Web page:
The U.S. House just passed a COVID relief bill to give you a third stimulus check — for up to $1,400 — and the legislation now moves to the Senate. House Speaker Nancy Pelosi and the other Democrats who run Congress want the president to sign the bill by March 14, so you could receive your cash within weeks.
And will that be the end? No more direct payments?
With March marking a full year of the pandemic and with Americans still struggling to get by, some lawmakers are arguing for a fourth stimulus check — and more after that. So if you'd find yourself needing more money for bills and to pay down debt, you'd have it.
But the current relief bill cleared the House early Saturday on a vote of just 219 to 212, and the Senate vote will be a squeaker. So is it realistic to hope for further relief payments? Here's a closer look.
Some Democrats push for more stimulus checks
Fifty Democratic U.S. representatives, including Minnesota's Ilhan Omar and New York's Alexandria Ocasio-Cortez, have signed a letter pressing President Joe Biden’s administration to issue recurring stimulus checks to help Americans cover essential needs for the duration of the pandemic.
“One more check is not enough during this public health and economic crisis,” the letter says.
Much like the earlier two rounds of stimulus checks, the expected third batch would help Americans with the essentials. Last April, the very first, $1,200 checks were mostly spent on household expenses like groceries and rent, according to the U.S. Bureau of Labor Statistics.
Others used at least a portion of the cash for saving and investing, a bureau survey found, or for other purposes. Some consumers likely went shopping for affordable life insurance, because those policies have seen a surge in demand during the pandemic.
While the letter from the lawmakers doesn't suggest a dollar amount for the regular payments, Rep. Omar tweeted in January that she’d like to see the government provide $2,000 per month to carry people through the crisis.
Friends and foes of recurring checks
The idea of monthly stimulus checks might attract some fans in high places.
Federal Reserve Chairman Jerome Powell (pictured) made a good case this week for the government to spend more on COVID relief. He testified to Congress that the economy is "highly uncertain," and he indicated that stimulus checks and other aid aren't likely to drive up inflation.
CEOs of retail chains would likely support giving more government cash to consumers. Retail sales surged in January after Round 2 of the checks went out, and Macy's is expecting a big sales boost in the coming months from a third round.
But a plan for future, recurring checks would have no shortage of detractors. Republicans already oppose the third checks as expensive and unnecessary, and some Democrats believe the payments should be more targeted to people with lower incomes.
A big barrier to further stimulus checks
Beyond the likely opposition, there's a more complicated reason you shouldn't get your hopes too high for more cash from Uncle Sam.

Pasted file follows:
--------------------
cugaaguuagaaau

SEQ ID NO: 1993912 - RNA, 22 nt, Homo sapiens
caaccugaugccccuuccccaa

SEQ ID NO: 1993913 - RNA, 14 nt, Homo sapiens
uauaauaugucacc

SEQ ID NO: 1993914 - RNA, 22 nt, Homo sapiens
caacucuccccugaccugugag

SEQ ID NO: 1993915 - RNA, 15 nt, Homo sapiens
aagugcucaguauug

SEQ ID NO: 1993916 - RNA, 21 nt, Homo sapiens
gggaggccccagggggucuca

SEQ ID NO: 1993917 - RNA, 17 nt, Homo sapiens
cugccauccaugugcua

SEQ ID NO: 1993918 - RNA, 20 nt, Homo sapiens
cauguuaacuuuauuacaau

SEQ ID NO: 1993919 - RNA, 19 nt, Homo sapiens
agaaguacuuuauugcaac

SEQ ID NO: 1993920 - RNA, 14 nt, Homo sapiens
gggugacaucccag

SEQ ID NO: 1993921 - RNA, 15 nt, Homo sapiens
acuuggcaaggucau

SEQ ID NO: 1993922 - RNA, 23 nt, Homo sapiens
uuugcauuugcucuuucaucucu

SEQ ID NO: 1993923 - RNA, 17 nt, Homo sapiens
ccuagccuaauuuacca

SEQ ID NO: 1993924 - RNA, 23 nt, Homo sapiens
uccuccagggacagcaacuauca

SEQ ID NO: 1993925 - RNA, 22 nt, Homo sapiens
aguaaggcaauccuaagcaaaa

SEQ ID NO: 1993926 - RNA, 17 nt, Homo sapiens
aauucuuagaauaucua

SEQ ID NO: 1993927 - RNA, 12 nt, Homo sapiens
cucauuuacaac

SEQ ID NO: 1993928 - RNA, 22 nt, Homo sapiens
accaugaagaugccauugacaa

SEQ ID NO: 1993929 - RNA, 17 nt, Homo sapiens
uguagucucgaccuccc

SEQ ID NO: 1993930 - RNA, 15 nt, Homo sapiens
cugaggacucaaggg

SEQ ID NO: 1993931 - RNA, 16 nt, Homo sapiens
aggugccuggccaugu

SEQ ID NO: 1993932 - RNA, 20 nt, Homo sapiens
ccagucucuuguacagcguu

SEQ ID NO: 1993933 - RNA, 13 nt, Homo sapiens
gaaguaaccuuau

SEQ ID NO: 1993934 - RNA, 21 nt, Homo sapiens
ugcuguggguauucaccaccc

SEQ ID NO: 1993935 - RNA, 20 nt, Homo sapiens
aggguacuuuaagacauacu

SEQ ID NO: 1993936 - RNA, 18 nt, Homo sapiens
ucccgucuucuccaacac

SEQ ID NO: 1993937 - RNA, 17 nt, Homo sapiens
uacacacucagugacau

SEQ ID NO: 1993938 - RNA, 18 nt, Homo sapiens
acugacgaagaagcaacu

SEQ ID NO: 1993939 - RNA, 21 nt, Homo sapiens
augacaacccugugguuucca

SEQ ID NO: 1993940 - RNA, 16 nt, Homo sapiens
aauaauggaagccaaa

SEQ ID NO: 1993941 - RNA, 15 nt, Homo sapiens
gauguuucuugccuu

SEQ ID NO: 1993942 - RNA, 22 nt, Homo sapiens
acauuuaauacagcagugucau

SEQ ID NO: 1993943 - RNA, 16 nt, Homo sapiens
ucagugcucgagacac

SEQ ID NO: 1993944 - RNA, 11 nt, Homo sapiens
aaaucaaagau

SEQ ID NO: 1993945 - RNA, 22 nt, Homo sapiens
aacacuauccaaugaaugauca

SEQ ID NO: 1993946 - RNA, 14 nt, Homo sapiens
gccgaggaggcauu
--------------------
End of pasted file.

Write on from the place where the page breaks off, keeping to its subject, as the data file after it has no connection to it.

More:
Democrats are currently pushing Biden’s $1.9 trillion stimulus bill through Congress using an arcane budget process that allows them to pass the legislation with simple majorities — and potentially no Republican support.
House Republicans all voted no on Saturday.
Biden and the Democrats can use the streamlined, go-it-alone approach just one more time this year, and they'd have to wait until the next fiscal year starts on Oct. 1 to do that.
With other priorities on his mind including climate change, health care and infrastructure, the president probably won’t want to use up his remaining opportunity to dole out more stimulus checks.
What if you think you'll need more relief?
If you’re anxiously waiting for a third stimulus check and are already worrying about your income later in the year, you have some options to build more cash into your budget.
Lose the interest. Have you been leaning hard on your credit cards through the pandemic, and racking up costly interest? Make your debt more manageable — and pay it off more quickly — by folding your balances into a lower-interest debt consolidation loan.
Make savings your policy. Are you stuck at home these days instead of cruising the open road? Car insurance companies have been doling out discounts for drivers who are using their cars less. If yours won’t offer savings, shop around for a better deal. And while you’re at it, comparing rates on homeowners insurance could save you hundreds of dollars a year.
Refinance your mortgage (if you've got one) and slash your payments. If you haven’t looked around for a lower interest rate on your home loan in the last year, there’s no better time than now. Rates remain historically low, and refinancing your existing mortgage could reap big savings. Millions of U.S. homeowners could reduce their monthly house payments by more than $300 through a refi, the mortgage tech and data provider Black Knight reported in early February.
Trim your budget and "make your own" stimulus check. Using a few creative ways to cut back, you might come up with the equivalent of a monthly stimulus check. Do you need a big data plan if you’re just at home on Wi-Fi all day? Call up your cellphone provider and switch to a cheaper option. Have a hobby or special talent? Turn it into a side hustle to bring in extra income. And, download a free browser extension that will automatically scour for better prices and coupons whenever you shop online.